Curtorim Congress legislator Alex Reginaldo Lourenco’s demand that mining leases should be auctioned annually may be presented as an effort towards equitable distribution of natural wealth amongst the people of Goa. This may sound to be in keeping with the spirit of a welfare state. But is it workable?
To begin with, let us imagine a new bidder succeeds in getting a lease for the year. How does he go about operating the lease? He needs to acquire mining machinery, recruit personnel for all levels, train them, and then do the actual extraction. He stands no chance of making any money for three successive years, specially considering the steep costs of machinery. If he gets a lease for at least five or six years, only then can he begin getting net profits after wiping off the losses of the first three years.
Annual lease can be viable only for existing players, who already have the expertise and the experience, besides the required resources. That means, Lourenco’s well-meaning prescription will benefit only existing operators presently raking in profits. In no way it will help new entrants.
If daylight robbery of State resources was going on. The actual area where reforms are needed are, proper accounting of every ton of ore extracted, proper tracking of the transport from pit head to port, and the renewal of licences. That there may be a time limit of reasonable duration for the licences, no one will dispute. Renewals should be allowed only for those who have not violated the terms of licence.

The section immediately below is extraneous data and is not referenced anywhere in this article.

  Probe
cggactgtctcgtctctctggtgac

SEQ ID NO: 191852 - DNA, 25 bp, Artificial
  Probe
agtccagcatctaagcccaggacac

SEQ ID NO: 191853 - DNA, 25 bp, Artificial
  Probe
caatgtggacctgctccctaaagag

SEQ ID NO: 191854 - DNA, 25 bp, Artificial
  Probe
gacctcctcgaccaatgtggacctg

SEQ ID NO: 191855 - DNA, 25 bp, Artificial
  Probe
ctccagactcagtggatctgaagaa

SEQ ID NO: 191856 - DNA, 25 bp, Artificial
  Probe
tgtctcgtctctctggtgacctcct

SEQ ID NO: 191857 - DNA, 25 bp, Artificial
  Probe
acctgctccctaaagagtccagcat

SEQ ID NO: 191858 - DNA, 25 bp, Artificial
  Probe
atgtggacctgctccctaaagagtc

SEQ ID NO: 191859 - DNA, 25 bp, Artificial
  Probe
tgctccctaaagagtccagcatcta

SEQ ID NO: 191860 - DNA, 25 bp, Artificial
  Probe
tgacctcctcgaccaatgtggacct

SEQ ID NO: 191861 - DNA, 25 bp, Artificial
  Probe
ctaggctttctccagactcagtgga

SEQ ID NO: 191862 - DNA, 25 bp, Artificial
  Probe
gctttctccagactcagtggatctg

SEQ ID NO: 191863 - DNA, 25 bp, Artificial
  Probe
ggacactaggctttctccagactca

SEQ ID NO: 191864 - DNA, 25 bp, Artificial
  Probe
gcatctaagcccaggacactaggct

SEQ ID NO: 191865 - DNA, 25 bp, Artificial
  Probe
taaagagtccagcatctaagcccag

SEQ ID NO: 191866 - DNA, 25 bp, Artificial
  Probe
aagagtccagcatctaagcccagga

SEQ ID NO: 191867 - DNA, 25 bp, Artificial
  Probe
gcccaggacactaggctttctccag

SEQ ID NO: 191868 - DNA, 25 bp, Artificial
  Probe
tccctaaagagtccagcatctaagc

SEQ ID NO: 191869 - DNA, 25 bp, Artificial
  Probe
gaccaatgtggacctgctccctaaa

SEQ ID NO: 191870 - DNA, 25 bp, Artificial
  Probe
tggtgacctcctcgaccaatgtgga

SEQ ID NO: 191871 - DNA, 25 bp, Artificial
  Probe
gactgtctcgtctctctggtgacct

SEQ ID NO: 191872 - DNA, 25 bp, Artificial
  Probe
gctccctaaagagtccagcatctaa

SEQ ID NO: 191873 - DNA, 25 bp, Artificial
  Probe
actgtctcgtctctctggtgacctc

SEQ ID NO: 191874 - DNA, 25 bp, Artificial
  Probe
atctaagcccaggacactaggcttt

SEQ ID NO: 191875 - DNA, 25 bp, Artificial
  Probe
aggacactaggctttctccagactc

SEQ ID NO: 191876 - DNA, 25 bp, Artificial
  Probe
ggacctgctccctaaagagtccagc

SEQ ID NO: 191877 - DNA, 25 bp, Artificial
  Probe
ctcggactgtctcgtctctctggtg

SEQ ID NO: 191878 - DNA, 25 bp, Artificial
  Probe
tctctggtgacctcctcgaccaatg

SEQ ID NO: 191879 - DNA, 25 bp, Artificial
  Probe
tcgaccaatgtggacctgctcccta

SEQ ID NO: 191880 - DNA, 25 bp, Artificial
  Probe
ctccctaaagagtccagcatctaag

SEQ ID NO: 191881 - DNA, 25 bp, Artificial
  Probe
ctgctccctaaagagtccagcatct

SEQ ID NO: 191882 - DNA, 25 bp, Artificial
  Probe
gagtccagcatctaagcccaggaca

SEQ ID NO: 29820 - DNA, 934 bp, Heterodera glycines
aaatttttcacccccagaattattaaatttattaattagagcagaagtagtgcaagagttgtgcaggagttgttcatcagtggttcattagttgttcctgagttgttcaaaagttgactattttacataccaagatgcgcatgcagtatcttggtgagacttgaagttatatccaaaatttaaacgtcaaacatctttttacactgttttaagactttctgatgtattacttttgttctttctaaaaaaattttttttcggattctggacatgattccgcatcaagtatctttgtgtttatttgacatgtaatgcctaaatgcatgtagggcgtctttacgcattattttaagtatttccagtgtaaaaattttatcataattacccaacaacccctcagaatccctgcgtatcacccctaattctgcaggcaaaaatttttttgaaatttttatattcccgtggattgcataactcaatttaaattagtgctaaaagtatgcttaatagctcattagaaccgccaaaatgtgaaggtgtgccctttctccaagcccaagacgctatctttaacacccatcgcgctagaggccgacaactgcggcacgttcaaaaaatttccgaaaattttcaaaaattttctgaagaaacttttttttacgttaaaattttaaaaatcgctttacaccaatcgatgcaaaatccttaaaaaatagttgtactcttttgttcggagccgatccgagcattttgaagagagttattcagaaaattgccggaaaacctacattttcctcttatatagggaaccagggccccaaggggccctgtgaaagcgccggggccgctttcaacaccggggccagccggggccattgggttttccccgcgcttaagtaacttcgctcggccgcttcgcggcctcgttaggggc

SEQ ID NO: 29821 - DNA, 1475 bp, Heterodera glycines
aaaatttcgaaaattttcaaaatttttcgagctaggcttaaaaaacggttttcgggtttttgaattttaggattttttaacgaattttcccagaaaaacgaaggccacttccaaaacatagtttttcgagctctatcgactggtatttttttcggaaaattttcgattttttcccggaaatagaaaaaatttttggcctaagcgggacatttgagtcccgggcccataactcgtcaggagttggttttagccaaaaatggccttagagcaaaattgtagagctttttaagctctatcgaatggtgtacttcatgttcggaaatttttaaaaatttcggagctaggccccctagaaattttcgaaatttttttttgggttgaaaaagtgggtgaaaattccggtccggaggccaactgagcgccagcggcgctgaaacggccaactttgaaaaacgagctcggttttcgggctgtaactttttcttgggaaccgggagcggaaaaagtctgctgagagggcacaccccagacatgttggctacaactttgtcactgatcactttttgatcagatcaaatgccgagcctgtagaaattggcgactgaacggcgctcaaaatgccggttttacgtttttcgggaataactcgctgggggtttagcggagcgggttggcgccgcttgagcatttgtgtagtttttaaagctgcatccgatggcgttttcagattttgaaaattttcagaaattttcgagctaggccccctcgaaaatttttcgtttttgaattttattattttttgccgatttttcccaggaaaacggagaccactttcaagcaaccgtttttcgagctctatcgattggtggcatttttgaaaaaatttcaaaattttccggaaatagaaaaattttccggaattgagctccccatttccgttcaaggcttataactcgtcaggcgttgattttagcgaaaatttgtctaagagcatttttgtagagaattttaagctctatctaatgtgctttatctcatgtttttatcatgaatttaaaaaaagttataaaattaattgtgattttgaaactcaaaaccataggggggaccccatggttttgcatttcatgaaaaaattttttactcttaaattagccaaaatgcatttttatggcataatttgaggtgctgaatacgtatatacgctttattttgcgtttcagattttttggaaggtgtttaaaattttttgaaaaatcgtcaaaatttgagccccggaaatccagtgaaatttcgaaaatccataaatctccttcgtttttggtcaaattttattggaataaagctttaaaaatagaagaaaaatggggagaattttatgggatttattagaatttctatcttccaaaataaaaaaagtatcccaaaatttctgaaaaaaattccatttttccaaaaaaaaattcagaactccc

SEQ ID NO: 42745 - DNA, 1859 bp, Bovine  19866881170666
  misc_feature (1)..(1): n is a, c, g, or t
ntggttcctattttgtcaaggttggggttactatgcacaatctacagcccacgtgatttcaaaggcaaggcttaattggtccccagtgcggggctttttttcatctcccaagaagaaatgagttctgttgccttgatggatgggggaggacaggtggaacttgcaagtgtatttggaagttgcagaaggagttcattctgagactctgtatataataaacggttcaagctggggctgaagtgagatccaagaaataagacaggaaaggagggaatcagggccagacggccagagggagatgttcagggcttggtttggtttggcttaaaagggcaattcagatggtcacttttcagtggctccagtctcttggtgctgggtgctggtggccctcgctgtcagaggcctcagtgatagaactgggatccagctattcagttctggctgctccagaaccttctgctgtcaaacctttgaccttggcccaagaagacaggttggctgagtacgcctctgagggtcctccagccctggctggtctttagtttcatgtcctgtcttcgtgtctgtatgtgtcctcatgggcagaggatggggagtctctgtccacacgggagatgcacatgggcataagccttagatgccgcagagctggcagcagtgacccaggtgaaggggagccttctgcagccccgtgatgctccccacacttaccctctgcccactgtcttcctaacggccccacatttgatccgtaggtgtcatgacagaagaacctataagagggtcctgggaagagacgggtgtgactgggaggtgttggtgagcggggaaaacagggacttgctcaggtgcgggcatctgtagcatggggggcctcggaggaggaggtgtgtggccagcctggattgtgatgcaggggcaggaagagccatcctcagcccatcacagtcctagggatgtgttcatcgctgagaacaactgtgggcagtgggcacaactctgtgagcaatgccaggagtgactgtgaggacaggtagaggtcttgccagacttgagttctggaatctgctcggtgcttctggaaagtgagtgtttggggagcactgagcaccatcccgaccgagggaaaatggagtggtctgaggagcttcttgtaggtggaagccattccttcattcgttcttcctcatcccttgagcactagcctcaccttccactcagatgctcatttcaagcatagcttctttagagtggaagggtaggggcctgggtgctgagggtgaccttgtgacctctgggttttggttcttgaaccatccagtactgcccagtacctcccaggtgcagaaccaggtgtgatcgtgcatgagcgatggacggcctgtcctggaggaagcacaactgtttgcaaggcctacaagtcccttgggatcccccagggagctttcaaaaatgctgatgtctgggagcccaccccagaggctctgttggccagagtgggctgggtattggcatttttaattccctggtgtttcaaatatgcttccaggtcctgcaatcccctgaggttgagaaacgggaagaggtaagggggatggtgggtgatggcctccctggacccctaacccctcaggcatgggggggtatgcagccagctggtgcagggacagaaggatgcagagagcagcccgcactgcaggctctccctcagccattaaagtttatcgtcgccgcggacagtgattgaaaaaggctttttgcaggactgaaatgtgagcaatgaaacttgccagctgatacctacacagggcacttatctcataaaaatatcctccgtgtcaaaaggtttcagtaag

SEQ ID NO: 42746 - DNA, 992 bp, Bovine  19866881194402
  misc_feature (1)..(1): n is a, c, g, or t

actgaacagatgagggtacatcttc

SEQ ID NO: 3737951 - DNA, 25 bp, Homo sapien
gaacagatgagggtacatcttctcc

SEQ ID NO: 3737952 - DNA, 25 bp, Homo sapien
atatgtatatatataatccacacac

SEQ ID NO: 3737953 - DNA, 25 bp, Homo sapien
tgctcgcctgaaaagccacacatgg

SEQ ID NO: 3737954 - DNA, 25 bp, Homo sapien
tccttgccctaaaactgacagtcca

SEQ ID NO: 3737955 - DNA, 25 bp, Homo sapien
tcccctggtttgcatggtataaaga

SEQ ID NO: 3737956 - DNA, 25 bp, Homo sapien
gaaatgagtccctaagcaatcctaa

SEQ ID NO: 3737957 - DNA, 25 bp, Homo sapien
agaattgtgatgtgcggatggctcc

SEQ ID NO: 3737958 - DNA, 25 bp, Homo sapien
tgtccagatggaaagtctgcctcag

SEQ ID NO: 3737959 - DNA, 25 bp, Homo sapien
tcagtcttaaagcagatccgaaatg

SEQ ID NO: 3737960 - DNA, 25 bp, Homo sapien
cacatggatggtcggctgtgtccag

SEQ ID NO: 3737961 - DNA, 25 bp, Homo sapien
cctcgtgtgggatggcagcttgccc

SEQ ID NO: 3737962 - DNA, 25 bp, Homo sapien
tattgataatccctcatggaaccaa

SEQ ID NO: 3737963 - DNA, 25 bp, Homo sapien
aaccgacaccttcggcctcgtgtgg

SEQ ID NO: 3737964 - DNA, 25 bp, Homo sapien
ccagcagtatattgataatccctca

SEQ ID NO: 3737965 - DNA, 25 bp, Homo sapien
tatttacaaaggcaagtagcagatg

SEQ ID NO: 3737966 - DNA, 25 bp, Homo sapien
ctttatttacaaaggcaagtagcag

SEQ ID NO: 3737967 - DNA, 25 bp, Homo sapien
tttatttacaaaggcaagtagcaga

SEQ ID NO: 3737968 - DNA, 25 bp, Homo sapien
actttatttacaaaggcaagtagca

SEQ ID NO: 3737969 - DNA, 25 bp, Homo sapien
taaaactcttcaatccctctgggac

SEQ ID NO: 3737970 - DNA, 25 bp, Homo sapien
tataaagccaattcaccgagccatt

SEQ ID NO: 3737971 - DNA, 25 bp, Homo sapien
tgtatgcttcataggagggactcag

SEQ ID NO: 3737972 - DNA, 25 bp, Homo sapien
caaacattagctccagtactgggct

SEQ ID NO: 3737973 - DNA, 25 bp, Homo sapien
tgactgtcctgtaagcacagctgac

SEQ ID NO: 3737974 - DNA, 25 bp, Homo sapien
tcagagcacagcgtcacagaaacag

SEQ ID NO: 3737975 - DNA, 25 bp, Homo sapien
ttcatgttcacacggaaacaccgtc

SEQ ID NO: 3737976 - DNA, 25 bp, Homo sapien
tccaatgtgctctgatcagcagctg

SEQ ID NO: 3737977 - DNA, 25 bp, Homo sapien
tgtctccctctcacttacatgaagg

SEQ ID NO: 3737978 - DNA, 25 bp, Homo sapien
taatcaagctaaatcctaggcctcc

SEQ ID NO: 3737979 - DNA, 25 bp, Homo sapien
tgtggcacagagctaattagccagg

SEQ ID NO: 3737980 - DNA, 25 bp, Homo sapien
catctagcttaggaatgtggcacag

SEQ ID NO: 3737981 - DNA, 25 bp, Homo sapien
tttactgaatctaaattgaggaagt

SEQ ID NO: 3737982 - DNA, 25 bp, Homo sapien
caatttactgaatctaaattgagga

If the Legislatator/s are serious about promoting new entrants, the right thing to do would be for the State to bear the cost of acquiring and maintaining the machinery and making the preliminary operations up to the de-enveloping of the core ore area. Then, licence the excavation and stock piling operations. Even, transportation to docks and ports should be treated with separate contracts. The State can optionally be the exporter also. This will avoid dodging of taxes and royalty, which we have seen happening in the years gone by.
The perception that mining lobby had become too powerful to be tamed by the Government of the day has never sought to be dispelled. No one should be allowed to display crass disrespect for law of the land. Sensitivity towards environmental safeguards is also non-negotiable. Any policy reforms should keep these aspects in mind.
The Curtorim MLA has warned that if these mining leases are renewed without auctioning for 20 years, it would be the biggest scam of the century. We agree with his point of view. The chief minister and BJP must therefore remember that the party has been elected to power on the plank of opposition to corruption entrenched within the Congress specifically in the mining sector. If Parrikar now breaches the trust the electorate has reposed in him, it would not just make a poor commentary on his entire character of having “zero tolerance to corruption” which he claims, but a slap on the very people who gave him the mandate, out of disgust over the perceived corruption of the Congress. He may try to justify his lopsided, mining lobby-slanted claims, by offering various Laxmi and DSS schemes, but his welfare-oriented schemes will never be acceptable as a good cover over the biased treatment given to the powerful mining lobby of the past. The Supreme Court is clear that any new mining lease must be auctioned. The Government must follow the directive to a T.